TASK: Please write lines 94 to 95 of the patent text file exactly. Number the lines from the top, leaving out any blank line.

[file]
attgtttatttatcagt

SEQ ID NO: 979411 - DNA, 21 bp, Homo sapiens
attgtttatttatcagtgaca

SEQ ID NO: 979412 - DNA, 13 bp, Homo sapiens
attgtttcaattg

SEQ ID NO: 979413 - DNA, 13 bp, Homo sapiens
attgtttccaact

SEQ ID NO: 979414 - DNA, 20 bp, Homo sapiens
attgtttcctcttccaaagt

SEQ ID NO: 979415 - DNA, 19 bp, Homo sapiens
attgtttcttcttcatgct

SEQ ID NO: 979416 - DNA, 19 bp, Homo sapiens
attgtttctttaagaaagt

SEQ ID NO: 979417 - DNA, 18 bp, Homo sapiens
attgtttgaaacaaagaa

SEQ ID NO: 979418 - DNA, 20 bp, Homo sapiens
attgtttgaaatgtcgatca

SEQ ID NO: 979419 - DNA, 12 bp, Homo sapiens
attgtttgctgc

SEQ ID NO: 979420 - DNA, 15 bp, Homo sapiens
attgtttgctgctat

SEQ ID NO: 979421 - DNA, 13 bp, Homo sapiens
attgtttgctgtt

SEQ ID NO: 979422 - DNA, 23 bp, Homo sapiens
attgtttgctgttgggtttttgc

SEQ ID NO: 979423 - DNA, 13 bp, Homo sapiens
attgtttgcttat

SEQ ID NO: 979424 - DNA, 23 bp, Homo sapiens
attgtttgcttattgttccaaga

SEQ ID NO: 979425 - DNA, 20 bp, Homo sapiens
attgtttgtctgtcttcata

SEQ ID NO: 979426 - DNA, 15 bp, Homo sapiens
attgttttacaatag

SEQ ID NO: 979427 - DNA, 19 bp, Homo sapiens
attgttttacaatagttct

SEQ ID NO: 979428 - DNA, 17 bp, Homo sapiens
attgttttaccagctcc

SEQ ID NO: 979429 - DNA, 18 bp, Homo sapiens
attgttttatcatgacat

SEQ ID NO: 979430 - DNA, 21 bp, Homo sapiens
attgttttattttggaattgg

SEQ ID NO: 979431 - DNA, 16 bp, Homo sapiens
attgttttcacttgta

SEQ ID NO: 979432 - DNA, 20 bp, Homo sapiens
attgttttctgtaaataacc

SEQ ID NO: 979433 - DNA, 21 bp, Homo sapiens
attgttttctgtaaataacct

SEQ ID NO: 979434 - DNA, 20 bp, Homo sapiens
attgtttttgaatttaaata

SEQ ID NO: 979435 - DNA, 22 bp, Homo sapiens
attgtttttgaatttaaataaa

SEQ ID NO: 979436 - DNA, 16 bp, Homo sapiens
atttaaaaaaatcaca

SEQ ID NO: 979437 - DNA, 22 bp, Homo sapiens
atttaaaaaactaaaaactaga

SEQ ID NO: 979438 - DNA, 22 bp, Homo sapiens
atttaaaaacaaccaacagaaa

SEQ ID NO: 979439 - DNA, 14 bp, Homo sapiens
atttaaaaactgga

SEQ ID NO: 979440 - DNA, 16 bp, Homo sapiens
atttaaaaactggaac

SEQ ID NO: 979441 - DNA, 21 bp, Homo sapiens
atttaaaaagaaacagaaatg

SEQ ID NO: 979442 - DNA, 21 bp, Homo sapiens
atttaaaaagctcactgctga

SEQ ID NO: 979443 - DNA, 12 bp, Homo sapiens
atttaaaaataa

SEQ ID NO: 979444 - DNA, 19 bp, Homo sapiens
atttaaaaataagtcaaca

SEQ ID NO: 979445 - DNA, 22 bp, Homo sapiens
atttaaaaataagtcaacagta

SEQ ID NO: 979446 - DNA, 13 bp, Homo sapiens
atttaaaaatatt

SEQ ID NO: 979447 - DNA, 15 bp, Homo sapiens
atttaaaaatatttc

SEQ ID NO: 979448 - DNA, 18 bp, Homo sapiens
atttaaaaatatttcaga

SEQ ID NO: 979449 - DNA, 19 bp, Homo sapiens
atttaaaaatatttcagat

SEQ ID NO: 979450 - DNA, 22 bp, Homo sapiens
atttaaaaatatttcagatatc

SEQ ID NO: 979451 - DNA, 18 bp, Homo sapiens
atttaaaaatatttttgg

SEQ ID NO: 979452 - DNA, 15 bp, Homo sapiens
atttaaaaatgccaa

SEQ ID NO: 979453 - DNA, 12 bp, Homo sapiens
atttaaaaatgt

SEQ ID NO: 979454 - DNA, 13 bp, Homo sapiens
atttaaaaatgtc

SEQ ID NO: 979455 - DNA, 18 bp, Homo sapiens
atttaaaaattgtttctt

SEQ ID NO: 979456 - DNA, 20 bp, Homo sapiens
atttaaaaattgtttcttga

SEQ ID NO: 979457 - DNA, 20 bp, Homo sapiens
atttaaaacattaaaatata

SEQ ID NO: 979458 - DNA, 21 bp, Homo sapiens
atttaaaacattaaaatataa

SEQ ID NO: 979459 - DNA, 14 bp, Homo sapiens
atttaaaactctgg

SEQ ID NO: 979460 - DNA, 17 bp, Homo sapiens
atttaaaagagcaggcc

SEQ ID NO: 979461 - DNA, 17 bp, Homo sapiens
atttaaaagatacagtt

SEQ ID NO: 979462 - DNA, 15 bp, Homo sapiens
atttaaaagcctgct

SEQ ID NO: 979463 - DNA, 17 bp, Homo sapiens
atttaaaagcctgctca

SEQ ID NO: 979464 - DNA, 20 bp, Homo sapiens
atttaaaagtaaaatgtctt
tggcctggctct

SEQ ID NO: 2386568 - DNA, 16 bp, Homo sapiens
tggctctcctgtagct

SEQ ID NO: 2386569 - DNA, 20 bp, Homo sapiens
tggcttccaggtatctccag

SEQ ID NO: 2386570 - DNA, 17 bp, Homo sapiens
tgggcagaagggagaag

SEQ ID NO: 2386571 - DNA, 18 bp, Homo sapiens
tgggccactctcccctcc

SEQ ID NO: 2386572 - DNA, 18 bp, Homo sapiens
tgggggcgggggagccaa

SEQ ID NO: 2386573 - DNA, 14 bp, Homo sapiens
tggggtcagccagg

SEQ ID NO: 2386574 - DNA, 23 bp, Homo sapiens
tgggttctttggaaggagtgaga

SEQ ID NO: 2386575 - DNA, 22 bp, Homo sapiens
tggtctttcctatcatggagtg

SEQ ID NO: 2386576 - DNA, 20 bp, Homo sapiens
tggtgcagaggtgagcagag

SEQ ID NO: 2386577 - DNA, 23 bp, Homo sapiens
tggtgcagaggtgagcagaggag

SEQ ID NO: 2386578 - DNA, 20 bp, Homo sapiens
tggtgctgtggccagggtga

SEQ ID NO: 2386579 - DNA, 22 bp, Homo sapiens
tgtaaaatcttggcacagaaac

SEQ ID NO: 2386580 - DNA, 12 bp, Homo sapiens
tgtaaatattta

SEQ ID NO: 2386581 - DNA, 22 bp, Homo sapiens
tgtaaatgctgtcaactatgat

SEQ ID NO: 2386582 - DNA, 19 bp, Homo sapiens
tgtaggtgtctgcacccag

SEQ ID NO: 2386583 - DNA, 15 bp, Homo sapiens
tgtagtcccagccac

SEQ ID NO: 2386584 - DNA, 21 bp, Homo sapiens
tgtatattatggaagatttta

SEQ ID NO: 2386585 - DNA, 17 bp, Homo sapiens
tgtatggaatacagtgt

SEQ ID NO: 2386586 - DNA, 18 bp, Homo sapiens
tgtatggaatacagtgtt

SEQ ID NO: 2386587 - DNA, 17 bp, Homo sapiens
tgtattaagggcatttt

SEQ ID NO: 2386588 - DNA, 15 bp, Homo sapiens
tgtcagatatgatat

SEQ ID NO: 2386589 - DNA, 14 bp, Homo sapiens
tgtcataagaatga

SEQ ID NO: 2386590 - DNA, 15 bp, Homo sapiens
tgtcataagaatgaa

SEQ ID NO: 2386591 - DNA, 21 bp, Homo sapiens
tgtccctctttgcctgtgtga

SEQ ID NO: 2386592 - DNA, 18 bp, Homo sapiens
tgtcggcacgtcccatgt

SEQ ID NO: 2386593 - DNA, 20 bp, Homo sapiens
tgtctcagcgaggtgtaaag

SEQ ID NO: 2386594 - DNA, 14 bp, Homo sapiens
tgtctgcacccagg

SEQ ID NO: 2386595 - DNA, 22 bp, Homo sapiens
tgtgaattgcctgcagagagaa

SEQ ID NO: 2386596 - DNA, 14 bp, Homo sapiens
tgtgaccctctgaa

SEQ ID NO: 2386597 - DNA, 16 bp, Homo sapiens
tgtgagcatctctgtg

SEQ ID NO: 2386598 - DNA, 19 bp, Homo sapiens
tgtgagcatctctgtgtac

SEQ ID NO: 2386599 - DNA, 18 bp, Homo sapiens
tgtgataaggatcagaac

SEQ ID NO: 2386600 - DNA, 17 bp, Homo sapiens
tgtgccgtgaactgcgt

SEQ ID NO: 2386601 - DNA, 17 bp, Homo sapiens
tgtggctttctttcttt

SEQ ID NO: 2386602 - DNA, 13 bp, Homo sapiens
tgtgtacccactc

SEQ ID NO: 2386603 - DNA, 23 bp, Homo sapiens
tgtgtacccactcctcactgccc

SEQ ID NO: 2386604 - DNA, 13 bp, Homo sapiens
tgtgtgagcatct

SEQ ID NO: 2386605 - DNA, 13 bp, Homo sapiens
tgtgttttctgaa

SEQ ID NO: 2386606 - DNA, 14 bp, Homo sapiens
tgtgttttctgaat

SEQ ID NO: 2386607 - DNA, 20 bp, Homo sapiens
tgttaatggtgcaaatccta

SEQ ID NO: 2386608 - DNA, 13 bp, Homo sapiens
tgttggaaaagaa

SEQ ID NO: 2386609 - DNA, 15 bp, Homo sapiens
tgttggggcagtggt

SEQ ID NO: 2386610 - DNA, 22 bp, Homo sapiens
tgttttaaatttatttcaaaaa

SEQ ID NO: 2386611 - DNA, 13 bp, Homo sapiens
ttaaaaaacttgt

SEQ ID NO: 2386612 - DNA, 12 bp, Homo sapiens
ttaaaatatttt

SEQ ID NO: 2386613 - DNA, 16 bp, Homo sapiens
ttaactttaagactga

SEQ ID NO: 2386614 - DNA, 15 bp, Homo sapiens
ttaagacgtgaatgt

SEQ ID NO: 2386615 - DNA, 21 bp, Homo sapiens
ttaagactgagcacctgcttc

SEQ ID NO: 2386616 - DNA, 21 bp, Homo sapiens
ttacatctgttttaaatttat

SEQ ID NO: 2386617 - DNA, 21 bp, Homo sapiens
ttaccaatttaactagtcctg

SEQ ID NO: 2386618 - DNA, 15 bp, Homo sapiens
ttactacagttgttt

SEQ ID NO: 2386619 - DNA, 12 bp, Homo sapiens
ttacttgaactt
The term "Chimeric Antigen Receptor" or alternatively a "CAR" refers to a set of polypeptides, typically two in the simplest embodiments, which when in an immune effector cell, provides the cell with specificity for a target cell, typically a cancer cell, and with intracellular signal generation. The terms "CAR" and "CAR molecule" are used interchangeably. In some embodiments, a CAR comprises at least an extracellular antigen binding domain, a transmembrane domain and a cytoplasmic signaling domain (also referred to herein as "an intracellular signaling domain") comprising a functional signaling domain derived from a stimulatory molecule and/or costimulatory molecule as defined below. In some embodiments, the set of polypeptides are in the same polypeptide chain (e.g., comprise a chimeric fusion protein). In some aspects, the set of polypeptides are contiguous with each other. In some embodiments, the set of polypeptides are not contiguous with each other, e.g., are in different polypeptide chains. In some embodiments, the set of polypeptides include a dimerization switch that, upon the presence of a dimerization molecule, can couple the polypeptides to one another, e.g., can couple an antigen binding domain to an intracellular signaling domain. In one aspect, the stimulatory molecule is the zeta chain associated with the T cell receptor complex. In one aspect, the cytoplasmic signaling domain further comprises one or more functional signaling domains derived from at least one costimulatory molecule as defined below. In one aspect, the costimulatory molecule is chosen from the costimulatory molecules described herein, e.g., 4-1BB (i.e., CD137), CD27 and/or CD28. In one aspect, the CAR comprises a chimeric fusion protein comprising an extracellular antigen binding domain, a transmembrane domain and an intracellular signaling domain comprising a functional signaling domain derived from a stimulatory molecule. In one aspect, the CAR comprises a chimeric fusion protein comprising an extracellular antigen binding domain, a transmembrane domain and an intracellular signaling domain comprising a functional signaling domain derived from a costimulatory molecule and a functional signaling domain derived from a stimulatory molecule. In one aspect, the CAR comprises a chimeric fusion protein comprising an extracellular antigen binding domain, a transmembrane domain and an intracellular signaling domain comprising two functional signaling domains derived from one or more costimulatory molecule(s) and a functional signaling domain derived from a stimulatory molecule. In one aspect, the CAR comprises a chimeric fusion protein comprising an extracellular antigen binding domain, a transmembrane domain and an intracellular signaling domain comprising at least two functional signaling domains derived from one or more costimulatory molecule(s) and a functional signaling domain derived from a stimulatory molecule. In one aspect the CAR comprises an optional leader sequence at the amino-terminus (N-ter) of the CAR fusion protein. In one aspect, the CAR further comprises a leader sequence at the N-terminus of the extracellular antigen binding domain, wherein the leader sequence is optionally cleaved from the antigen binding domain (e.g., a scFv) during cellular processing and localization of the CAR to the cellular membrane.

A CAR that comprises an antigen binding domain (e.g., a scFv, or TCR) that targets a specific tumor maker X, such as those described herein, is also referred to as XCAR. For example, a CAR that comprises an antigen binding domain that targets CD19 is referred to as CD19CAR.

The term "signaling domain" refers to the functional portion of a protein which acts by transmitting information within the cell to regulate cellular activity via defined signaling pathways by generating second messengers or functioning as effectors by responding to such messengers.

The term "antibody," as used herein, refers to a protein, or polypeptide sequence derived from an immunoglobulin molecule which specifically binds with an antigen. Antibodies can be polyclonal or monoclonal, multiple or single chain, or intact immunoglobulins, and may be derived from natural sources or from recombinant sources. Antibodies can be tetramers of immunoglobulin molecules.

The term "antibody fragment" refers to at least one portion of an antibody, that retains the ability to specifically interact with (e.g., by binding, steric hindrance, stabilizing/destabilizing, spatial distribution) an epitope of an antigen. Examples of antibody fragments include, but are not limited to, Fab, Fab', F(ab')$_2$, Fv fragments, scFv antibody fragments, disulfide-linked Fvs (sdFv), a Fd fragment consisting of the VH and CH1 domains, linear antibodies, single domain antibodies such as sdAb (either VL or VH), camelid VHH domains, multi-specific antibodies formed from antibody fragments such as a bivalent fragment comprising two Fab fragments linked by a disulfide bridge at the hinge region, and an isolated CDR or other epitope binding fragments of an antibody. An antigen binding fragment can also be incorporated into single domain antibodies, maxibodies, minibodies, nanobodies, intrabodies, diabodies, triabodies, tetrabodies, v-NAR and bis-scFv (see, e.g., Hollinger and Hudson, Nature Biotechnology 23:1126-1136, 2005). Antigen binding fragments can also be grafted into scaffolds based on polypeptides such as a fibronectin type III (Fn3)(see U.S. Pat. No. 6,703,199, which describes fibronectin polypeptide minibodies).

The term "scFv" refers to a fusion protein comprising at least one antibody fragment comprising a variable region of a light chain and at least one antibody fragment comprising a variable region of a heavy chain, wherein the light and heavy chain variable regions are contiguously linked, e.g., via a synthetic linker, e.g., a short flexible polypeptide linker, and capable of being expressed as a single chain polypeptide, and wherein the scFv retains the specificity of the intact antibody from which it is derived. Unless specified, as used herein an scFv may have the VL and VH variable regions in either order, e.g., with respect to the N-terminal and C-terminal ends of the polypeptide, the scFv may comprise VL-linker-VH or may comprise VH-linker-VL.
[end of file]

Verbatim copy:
SEQ ID NO: 979457 - DNA, 20 bp, Homo sapiens
atttaaaacattaaaatata